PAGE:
Democratic Progressive Party (DPP) Legislator Chen Chi-mai (陳其邁) recently proposed an amendment to the Criminal Code to scrap articles that criminalize insults to public offices or personnel, and damage to the Republic of China (ROC) flag, saying such contentious regulations should not exist in a democratic country that touts its freedom of speech.
People’s right to freedom of expression is protected by both the ROC Constitution and two international human rights covenants — the International Covenant on Civil and Political Rights and the International Covenant on Economic, Social and Cultural Rights — and all of the government’s actions should be subject to public scrutiny, Chen said.
“However, the criminalization of affronting public agencies as stipulated by the Criminal Code entitles the government to seek legal actions against the people at will, which deters people from speaking freely,” Chen said, adding such clauses should not exist in a democratic nation like Taiwan.
Calling for the removal of articles 140, 141 and 160 of the Criminal Code, Chen’s draft passed the first reading in the legislature on Friday and is due to be reviewed by legislative committees.
Chen’s proposal came on the heels of a number of cases involving political commentators and pro-localization activists who became embroiled in legal wrangling for either criticizing government agencies or damaging the ROC flag.
In June last year, former Talking Show host Cheng Hung-yi (鄭弘儀) and several regular guests on the now-suspended popular political TV talk show were taken to court by Miaoli County Commissioner Liu Cheng-hung (劉政鴻) on charges of defamation, public insults and affronting a public office after criticizing the Miaoli County Government’s controversial seizure in 2010 of a large swath of farmland in the county’s Dapu Borough (大埔) of Jhunan Township (竹南).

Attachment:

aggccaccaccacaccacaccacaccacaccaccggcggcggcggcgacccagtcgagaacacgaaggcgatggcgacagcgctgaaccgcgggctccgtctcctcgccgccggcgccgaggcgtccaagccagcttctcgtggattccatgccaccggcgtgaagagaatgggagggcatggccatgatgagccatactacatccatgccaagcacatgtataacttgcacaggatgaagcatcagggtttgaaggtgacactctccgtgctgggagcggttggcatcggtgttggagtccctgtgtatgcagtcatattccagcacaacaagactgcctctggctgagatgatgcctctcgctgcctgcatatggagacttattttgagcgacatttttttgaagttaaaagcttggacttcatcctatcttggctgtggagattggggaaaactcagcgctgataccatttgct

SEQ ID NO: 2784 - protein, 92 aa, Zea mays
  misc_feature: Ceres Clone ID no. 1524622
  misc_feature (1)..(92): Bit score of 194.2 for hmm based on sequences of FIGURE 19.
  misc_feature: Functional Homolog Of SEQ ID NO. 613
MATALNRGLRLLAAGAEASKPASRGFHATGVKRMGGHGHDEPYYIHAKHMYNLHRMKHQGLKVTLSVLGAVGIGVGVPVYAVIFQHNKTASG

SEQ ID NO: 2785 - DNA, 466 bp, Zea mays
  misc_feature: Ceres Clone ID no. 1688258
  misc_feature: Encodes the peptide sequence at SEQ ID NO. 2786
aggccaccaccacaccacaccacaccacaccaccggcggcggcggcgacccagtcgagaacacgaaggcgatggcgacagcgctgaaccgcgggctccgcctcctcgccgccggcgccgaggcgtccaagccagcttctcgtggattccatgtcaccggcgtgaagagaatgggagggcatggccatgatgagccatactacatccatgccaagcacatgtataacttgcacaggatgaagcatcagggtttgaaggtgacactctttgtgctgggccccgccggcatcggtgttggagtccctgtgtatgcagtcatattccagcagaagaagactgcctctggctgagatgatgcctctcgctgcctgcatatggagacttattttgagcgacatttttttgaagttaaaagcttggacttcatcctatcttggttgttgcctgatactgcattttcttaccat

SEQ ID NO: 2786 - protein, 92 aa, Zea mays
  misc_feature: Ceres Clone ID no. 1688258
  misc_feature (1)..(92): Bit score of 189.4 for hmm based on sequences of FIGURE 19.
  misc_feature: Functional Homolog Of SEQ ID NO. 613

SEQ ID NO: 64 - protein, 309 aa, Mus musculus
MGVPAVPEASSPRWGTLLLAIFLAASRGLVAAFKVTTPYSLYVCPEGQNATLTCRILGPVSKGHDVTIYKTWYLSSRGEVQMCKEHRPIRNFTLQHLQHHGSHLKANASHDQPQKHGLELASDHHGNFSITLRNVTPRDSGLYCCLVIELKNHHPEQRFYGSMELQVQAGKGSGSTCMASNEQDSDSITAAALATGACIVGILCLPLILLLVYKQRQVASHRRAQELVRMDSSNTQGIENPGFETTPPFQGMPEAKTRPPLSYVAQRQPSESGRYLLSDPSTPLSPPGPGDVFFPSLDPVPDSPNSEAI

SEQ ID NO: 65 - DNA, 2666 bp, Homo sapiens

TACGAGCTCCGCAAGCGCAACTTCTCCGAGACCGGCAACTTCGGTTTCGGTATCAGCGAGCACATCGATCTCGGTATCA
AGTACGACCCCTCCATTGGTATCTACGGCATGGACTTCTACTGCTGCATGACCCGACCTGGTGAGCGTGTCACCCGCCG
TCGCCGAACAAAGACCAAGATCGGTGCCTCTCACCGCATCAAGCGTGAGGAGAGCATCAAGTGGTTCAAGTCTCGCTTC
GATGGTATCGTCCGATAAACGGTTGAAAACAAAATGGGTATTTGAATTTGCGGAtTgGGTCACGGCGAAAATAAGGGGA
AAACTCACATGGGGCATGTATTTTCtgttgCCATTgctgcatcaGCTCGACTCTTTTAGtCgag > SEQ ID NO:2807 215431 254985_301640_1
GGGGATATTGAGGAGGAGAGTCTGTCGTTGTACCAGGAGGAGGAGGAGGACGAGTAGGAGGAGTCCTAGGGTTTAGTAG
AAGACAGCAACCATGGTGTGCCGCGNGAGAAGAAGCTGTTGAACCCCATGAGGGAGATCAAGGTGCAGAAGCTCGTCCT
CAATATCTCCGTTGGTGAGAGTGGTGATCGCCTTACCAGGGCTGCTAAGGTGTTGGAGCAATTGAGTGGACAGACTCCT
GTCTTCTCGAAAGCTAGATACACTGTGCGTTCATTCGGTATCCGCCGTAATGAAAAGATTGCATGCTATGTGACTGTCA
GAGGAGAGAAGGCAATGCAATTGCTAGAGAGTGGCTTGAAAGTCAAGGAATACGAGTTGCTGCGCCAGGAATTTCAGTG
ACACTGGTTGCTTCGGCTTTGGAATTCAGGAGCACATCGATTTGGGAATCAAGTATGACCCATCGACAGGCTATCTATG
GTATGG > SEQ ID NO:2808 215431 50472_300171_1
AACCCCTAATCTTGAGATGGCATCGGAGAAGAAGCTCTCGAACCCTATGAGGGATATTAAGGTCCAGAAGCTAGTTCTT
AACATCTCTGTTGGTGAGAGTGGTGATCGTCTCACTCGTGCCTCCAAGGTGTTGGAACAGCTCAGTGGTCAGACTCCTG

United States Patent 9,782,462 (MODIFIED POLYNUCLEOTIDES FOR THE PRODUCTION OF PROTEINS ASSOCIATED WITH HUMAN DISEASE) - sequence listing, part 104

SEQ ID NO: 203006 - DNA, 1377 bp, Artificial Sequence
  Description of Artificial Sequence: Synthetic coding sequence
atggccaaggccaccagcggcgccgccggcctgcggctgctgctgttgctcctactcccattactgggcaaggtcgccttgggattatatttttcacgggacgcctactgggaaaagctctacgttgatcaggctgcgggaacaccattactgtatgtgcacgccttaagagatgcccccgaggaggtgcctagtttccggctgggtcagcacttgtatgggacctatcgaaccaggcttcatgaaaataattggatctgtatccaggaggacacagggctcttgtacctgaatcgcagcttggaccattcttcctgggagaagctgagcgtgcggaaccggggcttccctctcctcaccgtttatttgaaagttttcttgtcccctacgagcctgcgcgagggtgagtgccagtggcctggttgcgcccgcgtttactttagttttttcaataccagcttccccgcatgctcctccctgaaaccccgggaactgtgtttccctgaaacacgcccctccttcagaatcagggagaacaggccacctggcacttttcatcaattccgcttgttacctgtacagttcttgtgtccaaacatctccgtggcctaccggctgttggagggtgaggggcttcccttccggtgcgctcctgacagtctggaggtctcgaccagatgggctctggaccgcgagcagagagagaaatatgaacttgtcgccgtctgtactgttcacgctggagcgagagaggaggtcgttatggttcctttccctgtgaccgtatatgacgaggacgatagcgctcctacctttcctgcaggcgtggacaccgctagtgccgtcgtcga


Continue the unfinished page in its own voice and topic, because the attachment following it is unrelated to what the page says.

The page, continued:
Among the list of defendants were veteran journalists Ho Po-wen (何博文), Wu Kuo-tung (吳國棟) and Chung Nien-huang (鍾年晃), as well as Soochow University professor Hsu Yung-ming (徐永明), all of whom were found not guilty.
In October 2010, the convener of the 908 Taiwan Republic Campaign, Peter Wang (王獻極), was given a 50-day sentence after burning a ROC flag the year before in protest against President Ma Ying-jeou’s (馬英九) administration.
However, a constitutional interpretation by the Council of Grand Justices, which was released in October at the request of Wang, dismissed his case, saying the guilty verdict against Wang ran counter to constitutional interpretations No. 445 and 644 and thus constituted a violation of the Constitution.
Citing a two-level theory on protecting freedom of speech, the two aforementioned constitutional interpretations stated that as political speech was classified as “high-value speech” that should receive a full measure of constitutional protection and require strict scrutiny for any anti-speech restriction, Chen said.
A nation must not put any restrictions on such rhetoric unless it concerned pressing national interests, Chen added.
In addition, Chen said that the US Supreme Court had also ruled defendants not guilty in two cases of flag-burning in the 1980s and 1990s respectively and found conviction of flag desecration to be unconstitutional.
“It is a step backward for Taiwan’s Council of Grand Justices to forbid the promotion of communism or division of the national territory, but not to address the controversy over the criminalization of damaging national flags,” Chen said.
“How could commenting on political affairs, criticizing the government or damaging the national flags pose any immediate danger?” Chen asked. “Especially when the country already has laws to handle cases of overstated criticism or personal attacks.”
Academia Sinica’s legal researcher Fort Liao (廖福特) said it was bizarre for the government to add public offices to a list of targets protected from defamation and that only slanderous remarks targeting an individual should be dealt with in the court.